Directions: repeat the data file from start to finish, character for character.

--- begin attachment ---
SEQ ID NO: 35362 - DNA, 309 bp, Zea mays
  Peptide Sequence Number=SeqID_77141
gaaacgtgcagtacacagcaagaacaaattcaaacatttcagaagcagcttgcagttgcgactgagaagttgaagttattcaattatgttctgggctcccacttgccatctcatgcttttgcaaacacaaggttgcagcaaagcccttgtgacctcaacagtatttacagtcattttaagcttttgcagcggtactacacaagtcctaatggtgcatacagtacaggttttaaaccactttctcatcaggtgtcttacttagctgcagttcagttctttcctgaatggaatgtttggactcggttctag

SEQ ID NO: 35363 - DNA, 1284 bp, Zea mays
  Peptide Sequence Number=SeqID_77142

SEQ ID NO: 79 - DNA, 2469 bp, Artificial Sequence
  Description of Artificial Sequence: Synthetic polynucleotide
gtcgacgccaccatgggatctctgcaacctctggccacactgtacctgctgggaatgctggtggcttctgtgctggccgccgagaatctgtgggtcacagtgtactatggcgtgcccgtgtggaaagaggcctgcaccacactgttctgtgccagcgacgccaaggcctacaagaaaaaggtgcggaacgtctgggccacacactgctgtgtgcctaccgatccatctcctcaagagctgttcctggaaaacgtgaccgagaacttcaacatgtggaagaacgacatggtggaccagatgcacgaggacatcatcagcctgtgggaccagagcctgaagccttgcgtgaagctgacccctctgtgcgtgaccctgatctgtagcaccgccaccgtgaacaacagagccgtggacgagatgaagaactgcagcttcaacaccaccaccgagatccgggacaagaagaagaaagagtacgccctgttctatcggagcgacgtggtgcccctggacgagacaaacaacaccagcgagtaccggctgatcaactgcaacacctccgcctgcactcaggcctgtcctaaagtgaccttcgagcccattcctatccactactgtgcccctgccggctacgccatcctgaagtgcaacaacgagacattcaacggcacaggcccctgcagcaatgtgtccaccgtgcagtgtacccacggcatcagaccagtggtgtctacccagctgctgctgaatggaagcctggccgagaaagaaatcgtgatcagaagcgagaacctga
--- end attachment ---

SEQ ID NO: 35362 - DNA, 309 bp, Zea mays
  Peptide Sequence Number=SeqID_77141
gaaacgtgcagtacacagcaagaacaaattcaaacatttcagaagcagcttgcagttgcgactgagaagttgaagttattcaattatgttctgggctcccacttgccatctcatgcttttgcaaacacaaggttgcagcaaagcccttgtgacctcaacagtatttacagtcattttaagcttttgcagcggtactacacaagtcctaatggtgcatacagtacaggttttaaaccactttctcatcaggtgtcttacttagctgcagttcagttctttcctgaatggaatgtttggactcggttctag

SEQ ID NO: 35363 - DNA, 1284 bp, Zea mays
  Peptide Sequence Number=SeqID_77142

SEQ ID NO: 79 - DNA, 2469 bp, Artificial Sequence
  Description of Artificial Sequence: Synthetic polynucleotide
gtcgacgccaccatgggatctctgcaacctctggccacactgtacctgctgggaatgctggtggcttctgtgctggccgccgagaatctgtgggtcacagtgtactatggcgtgcccgtgtggaaagaggcctgcaccacactgttctgtgccagcgacgccaaggcctacaagaaaaaggtgcggaacgtctgggccacacactgctgtgtgcctaccgatccatctcctcaagagctgttcctggaaaacgtgaccgagaacttcaacatgtggaagaacgacatggtggaccagatgcacgaggacatcatcagcctgtgggaccagagcctgaagccttgcgtgaagctgacccctctgtgcgtgaccctgatctgtagcaccgccaccgtgaacaacagagccgtggacgagatgaagaactgcagcttcaacaccaccaccgagatccgggacaagaagaagaaagagtacgccctgttctatcggagcgacgtggtgcccctggacgagacaaacaacaccagcgagtaccggctgatcaactgcaacacctccgcctgcactcaggcctgtcctaaagtgaccttcgagcccattcctatccactactgtgcccctgccggctacgccatcctgaagtgcaacaacgagacattcaacggcacaggcccctgcagcaatgtgtccaccgtgcagtgtacccacggcatcagaccagtggtgtctacccagctgctgctgaatggaagcctggccgagaaagaaatcgtgatcagaagcgagaacctga